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The Darkside of Photography Workshop - May 28, 2016

Darkside Night and Star Photography Workshop Students

With the increased performance from DSLR cameras, and the ability for photographers to get out and learn photography in the moment, there is no wonder that so many of them want to learn how to take wonderful night images of the stars.

The most difficult part of this equation, however, is Mother Nature. She often has plans of her own, and will ruin a potential night shoot with clouds and rain, as so many of the group of photographers that met me, Aron, and Mike, have found out in the past. This workshop was the third reschedule for some folks specifically due to un-cooperative weather. This night, however, looked to be awesome, and we were all excited to head out to Pinnacles National Park to do some night photography!

Aron, Mike, and I met the group at our San Jose gallery location for orientation and a brief slide show on what our class would entail. Everyone had the required gear, so the only thing left was to load up in the van and head out to the park!

The trail to our shooting point winds along some of the oldest rock in the state. It's truly hard to believe that this wonderful area is only an hour from the hustle and bustle of the city. We wound our way up the hill, and through a cave before heading up a narrow staircase that led us to a wonderful reservoir. This would serve as a foreground for our images.

We helped everyone get set up and began working with them to get their focus dialed in with test shots made at the apertures we would be shooting when it got dark. It's often difficult to get the best focus when the light has faded, so doing it in the light makes sense, especially for learning. We also encouraged the group to visually look where their focus was on the lens, so in case they should lose focus after dark, they could find it again with a small light and not have to refocus.

Intravolometers were set and tested, and everyone was ready. All we had to do was wait for the light to fade. Once that happened, we set the stage by going over the techniques for shooting pin-point stars with the class. This technique requires exposures of 20-25 seconds. With that time limit and high ISO, we're able to see the stars, as well as not have much movement...making the stars look like little pin points.

We'd also begun to work on perfecting our light painting of the rocky structure before us. Because it isn't a perfect science, it often takes a few attempts to get the right amount of light on the subject, and also find the right light! (Thanks Chris!) And we did.

Once the pin points had been shot, we moved to star trails. We captured a group of (12) 5-minute exposures, that we combined later in Photoshop. We only light painted the first frame, and left the other 11 to expose naturally. With a little higher aperture and lower ISO, we can stretch exposure times to five minutes, which gives us some streaks in the stars as the earth spins.

This process takes an hour, and everyone waited patiently for their exposures to finish. When we'd all collected a nice amount, it was back to a few more pinpoint stars. It was darker by then, so there were plenty more stars in the sky! Once we completed these, and got an interesting group shot, it was time to make the hike back out.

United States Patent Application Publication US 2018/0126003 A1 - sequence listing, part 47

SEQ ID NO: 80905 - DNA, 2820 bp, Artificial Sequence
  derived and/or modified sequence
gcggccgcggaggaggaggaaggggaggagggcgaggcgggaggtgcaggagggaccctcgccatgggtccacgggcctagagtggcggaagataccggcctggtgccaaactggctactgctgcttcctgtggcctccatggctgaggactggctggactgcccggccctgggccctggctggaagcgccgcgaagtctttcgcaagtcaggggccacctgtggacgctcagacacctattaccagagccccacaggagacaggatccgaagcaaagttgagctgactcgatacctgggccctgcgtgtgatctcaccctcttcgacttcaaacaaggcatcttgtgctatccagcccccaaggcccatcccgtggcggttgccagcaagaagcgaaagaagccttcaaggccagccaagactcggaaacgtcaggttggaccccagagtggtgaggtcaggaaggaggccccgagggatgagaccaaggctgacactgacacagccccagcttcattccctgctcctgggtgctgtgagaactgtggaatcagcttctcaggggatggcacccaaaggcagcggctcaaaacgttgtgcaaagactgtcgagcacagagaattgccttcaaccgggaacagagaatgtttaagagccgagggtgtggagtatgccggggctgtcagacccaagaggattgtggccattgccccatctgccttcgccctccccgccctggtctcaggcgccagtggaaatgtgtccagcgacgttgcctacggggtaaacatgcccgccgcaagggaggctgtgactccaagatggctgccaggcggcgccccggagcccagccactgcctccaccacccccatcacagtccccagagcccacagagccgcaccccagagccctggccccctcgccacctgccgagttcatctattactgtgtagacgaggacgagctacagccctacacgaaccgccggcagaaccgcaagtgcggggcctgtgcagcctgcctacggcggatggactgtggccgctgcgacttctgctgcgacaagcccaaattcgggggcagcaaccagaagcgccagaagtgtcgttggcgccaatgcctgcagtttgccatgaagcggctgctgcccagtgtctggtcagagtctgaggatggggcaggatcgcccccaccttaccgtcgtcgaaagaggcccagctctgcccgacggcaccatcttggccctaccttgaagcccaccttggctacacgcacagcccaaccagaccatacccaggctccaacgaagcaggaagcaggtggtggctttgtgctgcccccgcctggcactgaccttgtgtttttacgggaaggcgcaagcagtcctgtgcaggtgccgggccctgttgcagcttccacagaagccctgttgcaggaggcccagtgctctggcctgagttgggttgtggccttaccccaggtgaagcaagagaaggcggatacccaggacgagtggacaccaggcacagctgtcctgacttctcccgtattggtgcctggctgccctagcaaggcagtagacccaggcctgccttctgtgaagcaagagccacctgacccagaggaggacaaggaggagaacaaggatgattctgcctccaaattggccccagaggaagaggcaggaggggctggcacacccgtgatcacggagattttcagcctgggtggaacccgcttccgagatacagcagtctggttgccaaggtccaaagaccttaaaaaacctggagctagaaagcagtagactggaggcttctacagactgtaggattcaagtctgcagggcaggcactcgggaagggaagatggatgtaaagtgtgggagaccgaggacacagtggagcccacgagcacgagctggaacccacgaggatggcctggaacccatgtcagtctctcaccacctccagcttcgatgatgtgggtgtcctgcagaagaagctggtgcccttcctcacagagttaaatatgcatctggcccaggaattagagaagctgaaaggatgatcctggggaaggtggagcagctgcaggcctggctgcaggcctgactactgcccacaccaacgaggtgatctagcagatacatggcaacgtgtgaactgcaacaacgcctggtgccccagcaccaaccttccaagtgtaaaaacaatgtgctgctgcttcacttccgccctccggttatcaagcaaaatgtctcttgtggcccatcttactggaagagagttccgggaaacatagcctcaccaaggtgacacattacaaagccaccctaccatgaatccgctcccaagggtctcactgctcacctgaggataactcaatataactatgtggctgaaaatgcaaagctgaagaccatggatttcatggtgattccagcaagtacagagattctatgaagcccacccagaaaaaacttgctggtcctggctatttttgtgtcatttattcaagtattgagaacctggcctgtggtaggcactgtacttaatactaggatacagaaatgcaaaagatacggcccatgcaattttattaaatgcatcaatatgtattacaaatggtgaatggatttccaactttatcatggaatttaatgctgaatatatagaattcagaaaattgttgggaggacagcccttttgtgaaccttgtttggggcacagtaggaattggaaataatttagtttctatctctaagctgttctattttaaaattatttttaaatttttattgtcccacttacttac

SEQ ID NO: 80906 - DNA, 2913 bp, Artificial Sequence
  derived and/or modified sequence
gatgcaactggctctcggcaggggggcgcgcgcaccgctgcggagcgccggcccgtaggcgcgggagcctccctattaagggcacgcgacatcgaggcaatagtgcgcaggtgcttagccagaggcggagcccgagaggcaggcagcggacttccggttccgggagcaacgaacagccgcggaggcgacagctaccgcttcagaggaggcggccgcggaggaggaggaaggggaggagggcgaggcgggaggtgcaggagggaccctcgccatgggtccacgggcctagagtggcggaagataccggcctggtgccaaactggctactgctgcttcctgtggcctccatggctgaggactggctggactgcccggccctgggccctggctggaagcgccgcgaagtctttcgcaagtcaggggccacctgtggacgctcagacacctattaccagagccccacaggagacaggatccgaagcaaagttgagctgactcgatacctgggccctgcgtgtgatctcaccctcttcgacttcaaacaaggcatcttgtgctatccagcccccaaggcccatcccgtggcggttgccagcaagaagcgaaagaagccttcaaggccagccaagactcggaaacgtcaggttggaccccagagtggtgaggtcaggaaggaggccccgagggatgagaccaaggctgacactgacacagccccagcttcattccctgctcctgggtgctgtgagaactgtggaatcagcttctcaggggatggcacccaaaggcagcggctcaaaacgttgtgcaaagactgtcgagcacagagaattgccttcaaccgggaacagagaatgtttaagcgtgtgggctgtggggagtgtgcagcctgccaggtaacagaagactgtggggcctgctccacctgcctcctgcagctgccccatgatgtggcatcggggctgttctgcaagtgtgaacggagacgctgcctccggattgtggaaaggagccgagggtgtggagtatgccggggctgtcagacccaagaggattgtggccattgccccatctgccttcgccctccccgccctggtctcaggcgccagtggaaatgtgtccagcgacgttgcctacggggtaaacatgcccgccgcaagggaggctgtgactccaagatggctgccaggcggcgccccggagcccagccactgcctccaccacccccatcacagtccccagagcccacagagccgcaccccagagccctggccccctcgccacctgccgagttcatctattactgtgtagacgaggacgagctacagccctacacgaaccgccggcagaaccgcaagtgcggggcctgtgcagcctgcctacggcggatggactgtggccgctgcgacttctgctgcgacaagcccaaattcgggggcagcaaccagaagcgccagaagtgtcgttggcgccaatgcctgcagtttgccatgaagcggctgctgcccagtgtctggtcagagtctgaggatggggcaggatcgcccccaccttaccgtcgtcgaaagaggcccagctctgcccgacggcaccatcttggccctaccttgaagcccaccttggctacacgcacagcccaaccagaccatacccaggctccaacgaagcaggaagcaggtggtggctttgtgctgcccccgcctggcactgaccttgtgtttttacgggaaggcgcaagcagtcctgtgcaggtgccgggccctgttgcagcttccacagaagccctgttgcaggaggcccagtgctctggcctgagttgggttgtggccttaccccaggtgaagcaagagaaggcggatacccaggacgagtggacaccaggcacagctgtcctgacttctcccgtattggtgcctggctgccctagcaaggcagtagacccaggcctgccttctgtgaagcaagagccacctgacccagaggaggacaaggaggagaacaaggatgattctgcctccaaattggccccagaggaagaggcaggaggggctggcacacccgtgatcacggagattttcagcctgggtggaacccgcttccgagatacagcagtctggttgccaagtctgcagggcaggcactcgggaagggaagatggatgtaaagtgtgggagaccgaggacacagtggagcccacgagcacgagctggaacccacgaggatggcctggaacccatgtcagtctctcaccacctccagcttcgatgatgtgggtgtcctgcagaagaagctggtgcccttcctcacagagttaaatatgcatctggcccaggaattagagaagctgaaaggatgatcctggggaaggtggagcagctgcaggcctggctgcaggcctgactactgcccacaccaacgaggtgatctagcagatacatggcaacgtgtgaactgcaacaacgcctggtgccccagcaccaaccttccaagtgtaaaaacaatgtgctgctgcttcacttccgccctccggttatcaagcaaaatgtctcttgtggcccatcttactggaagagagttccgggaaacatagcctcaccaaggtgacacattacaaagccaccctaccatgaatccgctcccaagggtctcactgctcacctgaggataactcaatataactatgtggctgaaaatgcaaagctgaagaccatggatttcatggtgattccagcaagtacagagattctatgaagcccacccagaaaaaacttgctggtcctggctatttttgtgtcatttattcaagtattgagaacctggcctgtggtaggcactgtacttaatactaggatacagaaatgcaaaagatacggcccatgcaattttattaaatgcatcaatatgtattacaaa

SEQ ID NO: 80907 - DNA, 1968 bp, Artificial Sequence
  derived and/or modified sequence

If you think the hike IN is an adventure, try hiking out in the dark! We stuck together as a group, and were able to make it down with us all in one piece. From there, all that was left were a few comedically timed alarm malfunctions near the campground, and a 75 mile drive, and we were back at the gallery. It was after 1:30 am, and we had an early morning the next day, to put all of our images together in the processing portion of the class. So our tired, but happy, group got some sleep.

For most folks, 9 am rolls in early... but everyone was as chipper as they could be. I tempered the early morning a little with coffee and doughnuts, while we set everyone up on a computer and got their images downloaded onto the machine. After a little fussing with some raw issues, everyone was ready to begin to assemble their images.

This next part was quite simple... we stacked the star trail images together, changed the blending mode to lighten (to allow only the lights pixels from each image to shine through) and bam! Star trails! Of course, we went over how to make them look like comets, how to process the colors of the image and make it look sharp...all of the necessary things to make the most of these great shots.

What I always enjoy the most in this class is how 12 different people can come away with 12 different compositions and 12 different aesthetically pleasing images. We were all really happy with the shots we saw on the student machines!

Star photography can be a little daunting at first, but it is not nearly as difficult as it might appear. Mother Nature threw us a clear sky, and we came back with the prizes we intended on capturing...it was a great night!

Until next time,

Brian, Aron, Mike, and the rest of the Aperture Academy team!

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